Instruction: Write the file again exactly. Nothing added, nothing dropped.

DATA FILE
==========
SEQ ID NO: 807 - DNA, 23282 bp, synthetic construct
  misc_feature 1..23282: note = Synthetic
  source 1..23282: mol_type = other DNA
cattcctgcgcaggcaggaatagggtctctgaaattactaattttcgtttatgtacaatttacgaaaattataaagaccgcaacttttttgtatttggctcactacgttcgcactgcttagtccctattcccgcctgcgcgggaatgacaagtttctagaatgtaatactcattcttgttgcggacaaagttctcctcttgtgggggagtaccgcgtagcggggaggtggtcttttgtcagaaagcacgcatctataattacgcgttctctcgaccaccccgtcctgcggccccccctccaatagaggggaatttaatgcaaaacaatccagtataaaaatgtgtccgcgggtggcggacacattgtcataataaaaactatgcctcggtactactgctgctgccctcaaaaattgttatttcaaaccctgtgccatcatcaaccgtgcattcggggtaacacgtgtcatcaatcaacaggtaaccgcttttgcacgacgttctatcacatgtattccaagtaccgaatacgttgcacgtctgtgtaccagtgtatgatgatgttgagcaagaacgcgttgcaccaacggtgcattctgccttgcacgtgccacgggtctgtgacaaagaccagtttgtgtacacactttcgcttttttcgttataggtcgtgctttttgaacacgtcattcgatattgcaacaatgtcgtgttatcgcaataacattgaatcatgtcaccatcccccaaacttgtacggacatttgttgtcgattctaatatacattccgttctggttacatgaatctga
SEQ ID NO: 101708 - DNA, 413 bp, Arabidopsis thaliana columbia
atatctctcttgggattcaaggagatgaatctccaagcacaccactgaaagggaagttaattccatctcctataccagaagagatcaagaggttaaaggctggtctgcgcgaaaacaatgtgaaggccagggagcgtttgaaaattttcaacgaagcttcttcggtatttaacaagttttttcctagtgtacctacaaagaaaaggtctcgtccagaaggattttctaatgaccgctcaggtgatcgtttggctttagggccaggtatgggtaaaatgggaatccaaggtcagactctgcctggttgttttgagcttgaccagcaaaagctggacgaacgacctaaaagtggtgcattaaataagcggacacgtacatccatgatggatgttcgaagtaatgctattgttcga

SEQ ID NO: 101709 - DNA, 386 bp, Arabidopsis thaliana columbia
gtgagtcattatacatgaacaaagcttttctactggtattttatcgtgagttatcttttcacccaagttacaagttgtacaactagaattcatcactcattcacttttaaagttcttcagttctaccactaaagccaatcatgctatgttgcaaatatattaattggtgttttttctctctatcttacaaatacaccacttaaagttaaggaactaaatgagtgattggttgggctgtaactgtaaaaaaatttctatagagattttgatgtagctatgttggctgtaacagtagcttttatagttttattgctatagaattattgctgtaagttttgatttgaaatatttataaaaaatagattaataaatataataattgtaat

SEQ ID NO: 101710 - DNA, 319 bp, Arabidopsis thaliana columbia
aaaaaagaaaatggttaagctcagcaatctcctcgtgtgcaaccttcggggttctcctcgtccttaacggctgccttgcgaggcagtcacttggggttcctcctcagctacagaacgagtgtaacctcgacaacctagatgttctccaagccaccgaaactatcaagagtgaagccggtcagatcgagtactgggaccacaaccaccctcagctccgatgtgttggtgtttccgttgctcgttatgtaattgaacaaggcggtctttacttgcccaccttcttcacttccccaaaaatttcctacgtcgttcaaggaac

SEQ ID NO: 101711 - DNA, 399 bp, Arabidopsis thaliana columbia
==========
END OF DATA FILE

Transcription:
SEQ ID NO: 807 - DNA, 23282 bp, synthetic construct
  misc_feature 1..23282: note = Synthetic
  source 1..23282: mol_type = other DNA
cattcctgcgcaggcaggaatagggtctctgaaattactaattttcgtttatgtacaatttacgaaaattataaagaccgcaacttttttgtatttggctcactacgttcgcactgcttagtccctattcccgcctgcgcgggaatgacaagtttctagaatgtaatactcattcttgttgcggacaaagttctcctcttgtgggggagtaccgcgtagcggggaggtggtcttttgtcagaaagcacgcatctataattacgcgttctctcgaccaccccgtcctgcggccccccctccaatagaggggaatttaatgcaaaacaatccagtataaaaatgtgtccgcgggtggcggacacattgtcataataaaaactatgcctcggtactactgctgctgccctcaaaaattgttatttcaaaccctgtgccatcatcaaccgtgcattcggggtaacacgtgtcatcaatcaacaggtaaccgcttttgcacgacgttctatcacatgtattccaagtaccgaatacgttgcacgtctgtgtaccagtgtatgatgatgttgagcaagaacgcgttgcaccaacggtgcattctgccttgcacgtgccacgggtctgtgacaaagaccagtttgtgtacacactttcgcttttttcgttataggtcgtgctttttgaacacgtcattcgatattgcaacaatgtcgtgttatcgcaataacattgaatcatgtcaccatcccccaaacttgtacggacatttgttgtcgattctaatatacattccgttctggttacatgaatctga
SEQ ID NO: 101708 - DNA, 413 bp, Arabidopsis thaliana columbia
atatctctcttgggattcaaggagatgaatctccaagcacaccactgaaagggaagttaattccatctcctataccagaagagatcaagaggttaaaggctggtctgcgcgaaaacaatgtgaaggccagggagcgtttgaaaattttcaacgaagcttcttcggtatttaacaagttttttcctagtgtacctacaaagaaaaggtctcgtccagaaggattttctaatgaccgctcaggtgatcgtttggctttagggccaggtatgggtaaaatgggaatccaaggtcagactctgcctggttgttttgagcttgaccagcaaaagctggacgaacgacctaaaagtggtgcattaaataagcggacacgtacatccatgatggatgttcgaagtaatgctattgttcga

SEQ ID NO: 101709 - DNA, 386 bp, Arabidopsis thaliana columbia
gtgagtcattatacatgaacaaagcttttctactggtattttatcgtgagttatcttttcacccaagttacaagttgtacaactagaattcatcactcattcacttttaaagttcttcagttctaccactaaagccaatcatgctatgttgcaaatatattaattggtgttttttctctctatcttacaaatacaccacttaaagttaaggaactaaatgagtgattggttgggctgtaactgtaaaaaaatttctatagagattttgatgtagctatgttggctgtaacagtagcttttatagttttattgctatagaattattgctgtaagttttgatttgaaatatttataaaaaatagattaataaatataataattgtaat

SEQ ID NO: 101710 - DNA, 319 bp, Arabidopsis thaliana columbia
aaaaaagaaaatggttaagctcagcaatctcctcgtgtgcaaccttcggggttctcctcgtccttaacggctgccttgcgaggcagtcacttggggttcctcctcagctacagaacgagtgtaacctcgacaacctagatgttctccaagccaccgaaactatcaagagtgaagccggtcagatcgagtactgggaccacaaccaccctcagctccgatgtgttggtgtttccgttgctcgttatgtaattgaacaaggcggtctttacttgcccaccttcttcacttccccaaaaatttcctacgtcgttcaaggaac

SEQ ID NO: 101711 - DNA, 399 bp, Arabidopsis thaliana columbia